Poster at 2006 AAPT Summer Meeting

Syracuse University, Syracuse, NY


July, 24, 2006


Transition from

I  don’t  know  it”

    to “I  know  it”

is  memorizing

Transition from

I  can’t  do  it”

   to “I  do  it”

is  training

Transition from

       “I don’t understand it”

                       to “I  get  it”

is thinking

Constructing Learning Aids

for Teaching

Algebra Based Physics


Dr. Valentin Voroshilov, Physics Department

Boston University,


Physics teachers experience occasional difficulties in helping students understand the reasons behind selecting formulas used in constructing a solution to a particular problem in Physics.

A set of specific exercises is a resourceful tool helping teachers develop better explanatory skills and be able to identify students’ setbacks during the actual process of solving a physics problem.


The same exercises can be used by teachers as a learning aid (teaching tool) to help students master their problem solving skills.

The presented below learning aids are applicable for solving problems in Kinematics; however, after the specialised training a teacher becomes capable of developing similar aids for any part of Physics.

All exercises are based on the fact that, when a student gets into a problematic situation, the brain starts constructing a solution from a recognition (i.e., it tries to recognize the situation first).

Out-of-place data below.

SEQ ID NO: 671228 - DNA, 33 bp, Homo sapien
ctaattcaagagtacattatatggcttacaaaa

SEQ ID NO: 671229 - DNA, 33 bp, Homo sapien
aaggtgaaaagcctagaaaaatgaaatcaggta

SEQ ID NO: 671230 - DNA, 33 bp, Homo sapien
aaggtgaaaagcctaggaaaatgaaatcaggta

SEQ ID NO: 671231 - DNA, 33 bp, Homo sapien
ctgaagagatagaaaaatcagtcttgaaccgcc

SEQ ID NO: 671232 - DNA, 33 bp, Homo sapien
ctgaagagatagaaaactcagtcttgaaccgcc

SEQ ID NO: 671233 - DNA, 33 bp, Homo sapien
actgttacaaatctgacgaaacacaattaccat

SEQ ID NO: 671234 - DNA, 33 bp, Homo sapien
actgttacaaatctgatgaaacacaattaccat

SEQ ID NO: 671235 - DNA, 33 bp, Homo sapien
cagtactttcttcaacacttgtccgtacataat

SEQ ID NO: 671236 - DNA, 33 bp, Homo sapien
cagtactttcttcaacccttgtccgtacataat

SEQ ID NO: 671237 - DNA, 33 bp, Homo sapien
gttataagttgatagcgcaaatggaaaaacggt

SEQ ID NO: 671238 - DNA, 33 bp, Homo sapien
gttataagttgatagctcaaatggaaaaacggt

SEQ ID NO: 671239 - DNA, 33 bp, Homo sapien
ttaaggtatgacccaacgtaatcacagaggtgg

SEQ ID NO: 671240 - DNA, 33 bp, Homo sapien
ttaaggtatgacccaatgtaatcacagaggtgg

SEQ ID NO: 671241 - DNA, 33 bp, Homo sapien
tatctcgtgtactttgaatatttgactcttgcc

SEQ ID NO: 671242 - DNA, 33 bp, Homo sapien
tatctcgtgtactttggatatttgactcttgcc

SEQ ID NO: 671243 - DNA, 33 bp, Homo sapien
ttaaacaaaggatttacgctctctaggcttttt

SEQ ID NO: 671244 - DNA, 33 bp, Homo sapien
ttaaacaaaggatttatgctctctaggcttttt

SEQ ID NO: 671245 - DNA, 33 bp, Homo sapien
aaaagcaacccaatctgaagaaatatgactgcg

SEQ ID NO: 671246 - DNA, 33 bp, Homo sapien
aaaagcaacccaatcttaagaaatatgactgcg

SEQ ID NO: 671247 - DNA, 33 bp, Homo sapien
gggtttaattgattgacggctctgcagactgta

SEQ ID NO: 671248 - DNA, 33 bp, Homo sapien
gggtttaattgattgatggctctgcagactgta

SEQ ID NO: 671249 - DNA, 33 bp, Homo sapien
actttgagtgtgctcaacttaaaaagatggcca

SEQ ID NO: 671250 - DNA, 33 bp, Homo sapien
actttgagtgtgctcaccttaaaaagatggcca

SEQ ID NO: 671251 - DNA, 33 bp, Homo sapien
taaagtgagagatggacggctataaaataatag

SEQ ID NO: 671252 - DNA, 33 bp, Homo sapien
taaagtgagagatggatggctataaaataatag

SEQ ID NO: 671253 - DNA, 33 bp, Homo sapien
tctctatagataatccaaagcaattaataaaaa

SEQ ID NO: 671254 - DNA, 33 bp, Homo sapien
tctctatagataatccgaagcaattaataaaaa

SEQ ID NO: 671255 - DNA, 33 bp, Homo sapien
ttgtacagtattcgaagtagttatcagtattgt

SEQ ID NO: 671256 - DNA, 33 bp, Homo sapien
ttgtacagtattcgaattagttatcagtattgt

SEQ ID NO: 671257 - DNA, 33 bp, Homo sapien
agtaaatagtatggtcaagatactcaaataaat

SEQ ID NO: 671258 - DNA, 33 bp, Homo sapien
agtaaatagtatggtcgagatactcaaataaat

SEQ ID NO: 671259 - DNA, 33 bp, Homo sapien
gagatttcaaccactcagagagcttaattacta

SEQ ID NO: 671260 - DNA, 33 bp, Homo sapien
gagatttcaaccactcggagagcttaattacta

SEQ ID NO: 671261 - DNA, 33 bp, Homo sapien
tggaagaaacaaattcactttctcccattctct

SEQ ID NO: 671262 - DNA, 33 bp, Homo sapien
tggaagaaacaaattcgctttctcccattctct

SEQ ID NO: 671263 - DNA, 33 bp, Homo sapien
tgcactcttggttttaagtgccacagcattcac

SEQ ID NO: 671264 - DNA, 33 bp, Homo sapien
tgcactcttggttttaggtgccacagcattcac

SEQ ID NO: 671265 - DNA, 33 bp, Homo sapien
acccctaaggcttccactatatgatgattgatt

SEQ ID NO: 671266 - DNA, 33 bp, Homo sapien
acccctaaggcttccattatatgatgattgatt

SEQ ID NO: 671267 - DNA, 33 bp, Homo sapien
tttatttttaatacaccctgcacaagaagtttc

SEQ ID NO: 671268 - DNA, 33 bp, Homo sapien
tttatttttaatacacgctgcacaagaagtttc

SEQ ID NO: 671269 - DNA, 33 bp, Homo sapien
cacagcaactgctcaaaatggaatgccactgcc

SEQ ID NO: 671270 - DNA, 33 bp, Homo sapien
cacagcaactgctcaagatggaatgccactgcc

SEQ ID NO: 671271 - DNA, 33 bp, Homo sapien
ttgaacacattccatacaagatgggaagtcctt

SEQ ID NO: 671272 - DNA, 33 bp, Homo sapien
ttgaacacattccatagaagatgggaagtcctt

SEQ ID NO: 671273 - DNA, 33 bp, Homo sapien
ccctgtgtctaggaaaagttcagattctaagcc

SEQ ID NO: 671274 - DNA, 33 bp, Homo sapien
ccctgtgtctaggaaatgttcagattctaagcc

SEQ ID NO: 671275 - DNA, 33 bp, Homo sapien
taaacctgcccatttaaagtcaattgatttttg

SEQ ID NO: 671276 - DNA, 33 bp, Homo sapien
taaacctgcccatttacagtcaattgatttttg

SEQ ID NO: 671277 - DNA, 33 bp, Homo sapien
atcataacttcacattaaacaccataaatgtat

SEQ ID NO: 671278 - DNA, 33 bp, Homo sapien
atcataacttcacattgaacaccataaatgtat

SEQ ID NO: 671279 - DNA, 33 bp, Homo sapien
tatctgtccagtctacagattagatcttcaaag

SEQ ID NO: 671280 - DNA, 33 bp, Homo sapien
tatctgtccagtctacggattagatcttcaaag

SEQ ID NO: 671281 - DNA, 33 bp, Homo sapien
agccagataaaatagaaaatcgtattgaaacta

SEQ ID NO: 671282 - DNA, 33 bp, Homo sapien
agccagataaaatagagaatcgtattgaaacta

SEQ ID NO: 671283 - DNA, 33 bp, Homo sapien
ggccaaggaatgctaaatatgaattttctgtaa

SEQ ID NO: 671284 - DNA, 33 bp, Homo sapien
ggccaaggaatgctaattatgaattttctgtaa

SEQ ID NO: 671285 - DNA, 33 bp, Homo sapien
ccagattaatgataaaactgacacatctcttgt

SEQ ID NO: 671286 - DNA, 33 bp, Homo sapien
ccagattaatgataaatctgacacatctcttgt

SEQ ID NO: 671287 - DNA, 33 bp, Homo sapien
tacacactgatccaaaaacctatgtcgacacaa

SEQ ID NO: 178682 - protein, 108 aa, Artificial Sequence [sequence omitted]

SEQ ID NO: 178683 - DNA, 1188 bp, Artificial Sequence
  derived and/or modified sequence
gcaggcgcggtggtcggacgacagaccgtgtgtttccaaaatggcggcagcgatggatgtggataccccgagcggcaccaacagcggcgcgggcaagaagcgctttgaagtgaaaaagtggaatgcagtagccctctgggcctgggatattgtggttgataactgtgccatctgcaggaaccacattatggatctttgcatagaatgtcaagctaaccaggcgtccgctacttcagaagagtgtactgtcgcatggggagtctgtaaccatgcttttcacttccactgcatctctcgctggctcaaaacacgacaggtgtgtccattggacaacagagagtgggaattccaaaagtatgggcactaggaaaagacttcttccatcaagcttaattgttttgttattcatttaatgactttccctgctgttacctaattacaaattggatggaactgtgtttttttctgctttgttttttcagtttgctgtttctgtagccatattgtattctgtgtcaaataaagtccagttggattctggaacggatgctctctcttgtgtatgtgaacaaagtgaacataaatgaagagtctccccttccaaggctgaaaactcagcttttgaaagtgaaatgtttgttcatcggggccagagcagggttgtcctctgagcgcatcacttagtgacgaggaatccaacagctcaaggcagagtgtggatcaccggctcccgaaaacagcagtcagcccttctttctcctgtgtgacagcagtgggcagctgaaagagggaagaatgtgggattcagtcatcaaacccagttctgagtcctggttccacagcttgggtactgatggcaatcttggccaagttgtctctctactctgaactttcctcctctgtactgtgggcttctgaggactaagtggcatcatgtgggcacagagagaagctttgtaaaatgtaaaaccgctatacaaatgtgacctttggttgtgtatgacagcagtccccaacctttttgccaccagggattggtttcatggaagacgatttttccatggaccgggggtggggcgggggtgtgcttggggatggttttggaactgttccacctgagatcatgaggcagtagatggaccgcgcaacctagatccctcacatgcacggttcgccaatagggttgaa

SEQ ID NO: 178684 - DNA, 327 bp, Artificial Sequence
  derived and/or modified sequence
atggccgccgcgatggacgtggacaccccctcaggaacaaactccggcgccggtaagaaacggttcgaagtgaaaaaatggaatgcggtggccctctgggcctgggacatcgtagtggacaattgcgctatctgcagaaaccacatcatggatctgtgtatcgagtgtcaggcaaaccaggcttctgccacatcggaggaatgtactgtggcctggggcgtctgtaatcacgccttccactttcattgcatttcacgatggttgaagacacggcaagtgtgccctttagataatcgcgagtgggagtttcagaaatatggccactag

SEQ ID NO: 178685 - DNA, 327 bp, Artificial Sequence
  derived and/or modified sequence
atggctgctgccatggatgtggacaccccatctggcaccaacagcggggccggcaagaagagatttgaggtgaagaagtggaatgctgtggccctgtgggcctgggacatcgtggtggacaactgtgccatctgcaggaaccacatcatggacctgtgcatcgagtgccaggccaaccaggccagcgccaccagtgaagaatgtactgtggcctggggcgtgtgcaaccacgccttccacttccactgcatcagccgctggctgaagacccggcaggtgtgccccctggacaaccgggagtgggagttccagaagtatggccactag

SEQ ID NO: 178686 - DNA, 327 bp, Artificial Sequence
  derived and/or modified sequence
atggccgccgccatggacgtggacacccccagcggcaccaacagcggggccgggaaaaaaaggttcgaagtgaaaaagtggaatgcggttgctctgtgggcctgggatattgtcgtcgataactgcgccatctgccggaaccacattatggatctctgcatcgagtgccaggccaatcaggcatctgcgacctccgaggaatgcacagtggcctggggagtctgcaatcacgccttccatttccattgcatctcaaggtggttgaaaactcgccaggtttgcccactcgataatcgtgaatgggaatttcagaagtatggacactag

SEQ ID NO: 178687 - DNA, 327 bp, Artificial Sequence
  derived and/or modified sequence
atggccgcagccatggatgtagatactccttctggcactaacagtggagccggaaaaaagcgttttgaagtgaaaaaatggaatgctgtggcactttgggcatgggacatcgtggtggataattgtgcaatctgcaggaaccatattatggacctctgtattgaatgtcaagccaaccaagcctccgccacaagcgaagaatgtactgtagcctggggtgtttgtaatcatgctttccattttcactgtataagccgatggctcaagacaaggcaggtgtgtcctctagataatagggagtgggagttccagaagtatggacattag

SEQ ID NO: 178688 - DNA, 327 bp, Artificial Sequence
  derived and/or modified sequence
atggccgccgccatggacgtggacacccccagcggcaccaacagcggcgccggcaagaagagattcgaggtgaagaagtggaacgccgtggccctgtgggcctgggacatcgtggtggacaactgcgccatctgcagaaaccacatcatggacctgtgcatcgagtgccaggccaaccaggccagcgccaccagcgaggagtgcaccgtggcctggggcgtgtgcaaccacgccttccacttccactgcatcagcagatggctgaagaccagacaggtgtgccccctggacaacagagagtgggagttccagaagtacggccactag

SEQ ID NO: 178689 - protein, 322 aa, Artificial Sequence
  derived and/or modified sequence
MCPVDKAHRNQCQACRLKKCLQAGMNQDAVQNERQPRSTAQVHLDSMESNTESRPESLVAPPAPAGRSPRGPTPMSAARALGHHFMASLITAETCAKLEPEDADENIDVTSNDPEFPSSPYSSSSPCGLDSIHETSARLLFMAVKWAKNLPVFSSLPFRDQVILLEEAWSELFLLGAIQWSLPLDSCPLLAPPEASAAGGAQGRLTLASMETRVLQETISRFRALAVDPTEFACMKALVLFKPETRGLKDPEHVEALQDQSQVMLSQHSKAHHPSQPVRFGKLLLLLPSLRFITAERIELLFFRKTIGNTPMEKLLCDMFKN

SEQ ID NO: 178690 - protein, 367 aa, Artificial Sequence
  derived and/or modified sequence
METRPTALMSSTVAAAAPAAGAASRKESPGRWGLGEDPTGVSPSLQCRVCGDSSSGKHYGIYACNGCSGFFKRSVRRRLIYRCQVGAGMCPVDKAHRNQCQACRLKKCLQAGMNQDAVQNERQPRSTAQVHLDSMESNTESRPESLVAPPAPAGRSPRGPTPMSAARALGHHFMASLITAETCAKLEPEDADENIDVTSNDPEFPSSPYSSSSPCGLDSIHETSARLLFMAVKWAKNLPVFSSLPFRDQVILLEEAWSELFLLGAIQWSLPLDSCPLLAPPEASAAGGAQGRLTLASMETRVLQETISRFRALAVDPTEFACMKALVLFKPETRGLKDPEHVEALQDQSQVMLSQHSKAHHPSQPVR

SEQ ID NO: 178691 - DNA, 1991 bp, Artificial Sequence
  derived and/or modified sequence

To help teachers develop a technique that an experienced physicist applies when developing a solution to a given problem, the set of learning aids are being constructed by teachers as an exercise (with the help of a facilitator).

1. A terminological dictionary that connects an everyday lexicon to physics terminology.

2. A classification table of typical physical models matching a situation described in a problem.

3. A correspondence table between models and physical quantities needed for qualitative description of the models.



4. A correspondence table between the models and formulas needed for quantitative description of the models.


5. A schemata of logical and procedural connections between categories involved in the analysis of the physical situation described in a problem.

Two main obstacles need to be overcome by students in order to recognize a specific physical situation described in a given problem.

The first obstacle represents a lack of ability of a student to convert written text of a problem from an everyday language to a specific physical language. For example, a situation “a car starts from rest” and a situation “a stone is dropped from a height” are two different situations for students. Students do not recognize that both of these real world situations describe the same physical situation, i.e.,” an object accelerates from rest and starts a linear motion”.

A terminological dictionary or a table of a correspondence between an everyday lexicon and a subject terminology can be used to help students perform a necessary interpretation of the problem.